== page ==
Top private school will fingerprint pupils to cut lunchtime queues

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ONE of Scotland’s top private schools is introducing fingerprint scanning in a bid to cut queues at lunch time.

George Heriot’s, in Edinburgh, says the biometric technology will mean pupils no longer have to carry cash cards.

The £12,000-a-year college is said to have been the inspiration for Hogwarts, Harry Potter’s school in the JK Rowling novels.

But Principal Lesley Franklin, in a letter to parents, explained her plan to bring the school’s catering arrangements firmly into the 21st century.

Mrs Franklin was at pains to reassure parents that they need not fear for the safety of their children’s biometric data – and offered a four-digit pin code to those who refused to have their dabs taken.

ONE of Scotland’s top private schools is introducing fingerprint scanning in a bid to cut queues at lunch time.

She wrote: “As part of our new refectory project, we have taken the decision to move to a biometric recognition system for payment of food.

“This will mean that queues are reduced because the rate of identification of customers is quickened. It also means that pupils will no longer have to carry cards – very useful for those pupils who lose them frequently.”

She added: “We believe that the introduction of this system is a positive move and therefore urge parents to embrace this technology.

“However, we appreciate that not all parents will wish their child to use this system. Therefore, the alternative of a four digit pin code is available.”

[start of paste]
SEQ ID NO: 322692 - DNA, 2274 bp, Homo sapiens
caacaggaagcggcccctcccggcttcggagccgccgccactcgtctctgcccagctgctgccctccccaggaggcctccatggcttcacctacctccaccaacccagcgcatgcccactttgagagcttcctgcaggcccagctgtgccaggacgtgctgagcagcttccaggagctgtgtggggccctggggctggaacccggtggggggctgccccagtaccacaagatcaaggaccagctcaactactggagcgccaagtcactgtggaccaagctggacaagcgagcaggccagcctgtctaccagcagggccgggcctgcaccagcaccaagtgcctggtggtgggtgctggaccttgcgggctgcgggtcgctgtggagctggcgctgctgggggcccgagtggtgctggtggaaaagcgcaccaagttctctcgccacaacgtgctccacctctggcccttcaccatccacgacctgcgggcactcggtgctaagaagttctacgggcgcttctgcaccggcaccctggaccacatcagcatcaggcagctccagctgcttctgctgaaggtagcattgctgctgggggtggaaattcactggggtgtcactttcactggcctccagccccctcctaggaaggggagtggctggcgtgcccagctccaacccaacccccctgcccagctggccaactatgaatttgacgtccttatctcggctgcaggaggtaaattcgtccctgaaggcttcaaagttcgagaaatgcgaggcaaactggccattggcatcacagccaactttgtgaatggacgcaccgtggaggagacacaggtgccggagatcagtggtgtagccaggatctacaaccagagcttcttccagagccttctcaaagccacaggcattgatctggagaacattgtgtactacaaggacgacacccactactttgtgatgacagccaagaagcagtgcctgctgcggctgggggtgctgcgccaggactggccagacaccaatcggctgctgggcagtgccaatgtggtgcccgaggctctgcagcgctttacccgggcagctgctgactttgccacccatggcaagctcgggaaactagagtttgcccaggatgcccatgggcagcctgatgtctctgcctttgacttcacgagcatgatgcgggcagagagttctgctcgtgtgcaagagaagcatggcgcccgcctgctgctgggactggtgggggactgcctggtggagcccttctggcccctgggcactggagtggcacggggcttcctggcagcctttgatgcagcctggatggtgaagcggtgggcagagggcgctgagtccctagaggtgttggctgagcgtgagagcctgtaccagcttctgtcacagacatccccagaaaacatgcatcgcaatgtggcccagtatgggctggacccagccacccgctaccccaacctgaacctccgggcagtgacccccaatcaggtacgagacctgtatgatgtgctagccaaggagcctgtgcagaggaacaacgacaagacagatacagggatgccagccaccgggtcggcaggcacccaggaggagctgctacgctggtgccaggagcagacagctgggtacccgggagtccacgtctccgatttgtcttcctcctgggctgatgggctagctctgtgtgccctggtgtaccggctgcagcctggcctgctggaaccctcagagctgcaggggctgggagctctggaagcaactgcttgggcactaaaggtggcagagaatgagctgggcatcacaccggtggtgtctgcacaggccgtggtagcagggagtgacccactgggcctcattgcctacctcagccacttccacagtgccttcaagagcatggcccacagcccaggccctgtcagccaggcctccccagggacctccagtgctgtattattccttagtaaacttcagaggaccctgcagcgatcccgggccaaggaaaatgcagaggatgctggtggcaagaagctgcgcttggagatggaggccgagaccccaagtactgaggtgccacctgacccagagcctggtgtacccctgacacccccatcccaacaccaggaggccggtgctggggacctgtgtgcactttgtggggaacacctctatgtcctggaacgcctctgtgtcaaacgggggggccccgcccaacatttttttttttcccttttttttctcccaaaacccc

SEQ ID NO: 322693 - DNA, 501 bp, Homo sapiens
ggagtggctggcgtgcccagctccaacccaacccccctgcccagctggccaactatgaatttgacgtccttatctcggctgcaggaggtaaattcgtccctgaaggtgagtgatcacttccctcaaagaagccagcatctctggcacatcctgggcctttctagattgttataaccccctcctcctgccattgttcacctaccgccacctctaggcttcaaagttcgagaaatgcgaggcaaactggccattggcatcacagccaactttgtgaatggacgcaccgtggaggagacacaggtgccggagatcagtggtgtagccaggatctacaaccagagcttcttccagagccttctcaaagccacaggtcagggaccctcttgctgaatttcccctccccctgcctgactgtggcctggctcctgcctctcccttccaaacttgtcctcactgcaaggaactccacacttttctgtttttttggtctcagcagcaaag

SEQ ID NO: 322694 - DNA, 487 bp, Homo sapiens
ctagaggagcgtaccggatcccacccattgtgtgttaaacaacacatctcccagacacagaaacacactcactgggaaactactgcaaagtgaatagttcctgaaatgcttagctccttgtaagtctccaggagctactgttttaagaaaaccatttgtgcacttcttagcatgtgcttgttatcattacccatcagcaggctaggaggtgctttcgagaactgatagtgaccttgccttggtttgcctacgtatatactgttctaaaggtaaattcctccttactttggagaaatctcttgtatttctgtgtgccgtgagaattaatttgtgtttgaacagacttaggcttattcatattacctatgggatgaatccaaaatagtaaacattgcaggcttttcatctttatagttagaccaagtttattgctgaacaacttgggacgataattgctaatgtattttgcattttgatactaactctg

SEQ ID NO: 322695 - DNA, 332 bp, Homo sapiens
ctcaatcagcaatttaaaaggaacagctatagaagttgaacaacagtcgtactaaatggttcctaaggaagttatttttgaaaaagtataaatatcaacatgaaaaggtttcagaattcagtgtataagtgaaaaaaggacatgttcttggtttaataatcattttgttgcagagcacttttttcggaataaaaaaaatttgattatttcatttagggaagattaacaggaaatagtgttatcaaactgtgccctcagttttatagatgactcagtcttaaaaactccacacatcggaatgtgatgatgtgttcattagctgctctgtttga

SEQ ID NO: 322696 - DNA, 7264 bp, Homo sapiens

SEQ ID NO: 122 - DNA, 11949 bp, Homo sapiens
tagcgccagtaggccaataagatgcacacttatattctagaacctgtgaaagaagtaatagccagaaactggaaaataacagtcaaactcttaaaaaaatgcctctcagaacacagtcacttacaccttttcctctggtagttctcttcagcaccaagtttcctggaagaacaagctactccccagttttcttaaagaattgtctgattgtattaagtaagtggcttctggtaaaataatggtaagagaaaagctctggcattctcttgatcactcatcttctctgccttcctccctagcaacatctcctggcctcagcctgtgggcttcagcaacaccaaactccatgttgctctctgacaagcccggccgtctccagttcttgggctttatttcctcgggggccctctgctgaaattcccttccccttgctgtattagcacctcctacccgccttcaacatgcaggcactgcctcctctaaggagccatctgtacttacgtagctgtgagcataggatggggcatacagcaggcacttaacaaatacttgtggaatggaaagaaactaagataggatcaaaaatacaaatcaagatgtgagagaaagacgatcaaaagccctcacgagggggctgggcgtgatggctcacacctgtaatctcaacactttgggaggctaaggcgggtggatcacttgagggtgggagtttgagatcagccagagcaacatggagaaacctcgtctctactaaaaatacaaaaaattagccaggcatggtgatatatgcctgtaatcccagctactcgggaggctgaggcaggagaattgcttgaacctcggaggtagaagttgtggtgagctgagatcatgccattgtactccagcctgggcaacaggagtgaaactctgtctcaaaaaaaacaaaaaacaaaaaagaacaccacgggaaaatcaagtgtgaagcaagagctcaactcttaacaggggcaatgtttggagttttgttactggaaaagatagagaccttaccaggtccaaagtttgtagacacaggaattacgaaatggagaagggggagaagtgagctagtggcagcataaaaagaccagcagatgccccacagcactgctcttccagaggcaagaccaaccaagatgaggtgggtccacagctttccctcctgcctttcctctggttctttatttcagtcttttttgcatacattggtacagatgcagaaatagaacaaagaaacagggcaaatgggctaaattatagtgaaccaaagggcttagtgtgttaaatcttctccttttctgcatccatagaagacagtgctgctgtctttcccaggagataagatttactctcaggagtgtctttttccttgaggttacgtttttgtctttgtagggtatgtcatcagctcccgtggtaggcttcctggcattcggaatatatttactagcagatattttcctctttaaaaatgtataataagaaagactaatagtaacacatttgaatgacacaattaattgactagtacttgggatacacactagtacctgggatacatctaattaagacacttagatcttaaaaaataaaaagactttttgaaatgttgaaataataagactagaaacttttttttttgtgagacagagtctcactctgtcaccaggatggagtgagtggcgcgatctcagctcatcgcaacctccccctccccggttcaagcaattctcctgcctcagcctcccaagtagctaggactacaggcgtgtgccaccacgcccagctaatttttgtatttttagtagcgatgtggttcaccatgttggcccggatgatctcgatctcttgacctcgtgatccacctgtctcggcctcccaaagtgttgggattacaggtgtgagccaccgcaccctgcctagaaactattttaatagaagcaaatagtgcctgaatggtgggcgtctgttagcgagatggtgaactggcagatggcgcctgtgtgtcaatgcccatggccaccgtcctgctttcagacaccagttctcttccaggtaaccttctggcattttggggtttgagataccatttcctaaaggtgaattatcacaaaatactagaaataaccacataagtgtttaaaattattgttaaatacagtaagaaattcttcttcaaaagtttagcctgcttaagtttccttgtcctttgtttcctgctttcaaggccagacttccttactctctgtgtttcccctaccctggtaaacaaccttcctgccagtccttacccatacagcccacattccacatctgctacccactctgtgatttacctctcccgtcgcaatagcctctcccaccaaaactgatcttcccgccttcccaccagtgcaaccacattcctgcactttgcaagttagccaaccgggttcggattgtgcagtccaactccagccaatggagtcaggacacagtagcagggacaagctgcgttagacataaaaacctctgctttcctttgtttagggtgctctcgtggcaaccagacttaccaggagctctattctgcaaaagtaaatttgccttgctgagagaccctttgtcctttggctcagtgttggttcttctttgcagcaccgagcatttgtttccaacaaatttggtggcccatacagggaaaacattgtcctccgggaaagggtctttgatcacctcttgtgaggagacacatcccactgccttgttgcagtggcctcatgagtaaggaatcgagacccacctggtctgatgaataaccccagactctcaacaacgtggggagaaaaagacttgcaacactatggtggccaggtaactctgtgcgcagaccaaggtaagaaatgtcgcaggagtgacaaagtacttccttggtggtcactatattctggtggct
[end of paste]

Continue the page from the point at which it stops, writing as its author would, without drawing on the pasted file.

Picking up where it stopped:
ONE of Scotland’s top private schools is introducing fingerprint scanning in a bid to cut queues at lunch time.

The data will be collected on February 7 and 8 by placing two fingers on a scanner, and the image is converted to a template.

Mrs Franklin stressed in her message that data will not be used by any other organisation for any other reason.

In 2006 Todholm Primary School in Paisley became the first in the world to have pupils paying for their lunch by a scanning system rather than handing over cash.

It was reported that the system identified children with food allergies and encouraged pupils to eat a balanced diet by providing a read-out of what they choose during the week.


Lesley Franklin

Three years ago it was reported that a Freedom of Information (FOI) request showed that four of ten secondary school used biometric technology as a means of identifying pupils – and nearly a third failed in their duty to seek parental consent before introducing the system.

The most common uses of the system are at meal-times where headteachers claim it can be a more “discreet” method of ensuring those pupils entitled to free school meals get them – and in school libraries. Some have used the system for registration of pupils at school.

Schools were banned in 2012 from taking fingerprints or other data from children without their parent’s permission.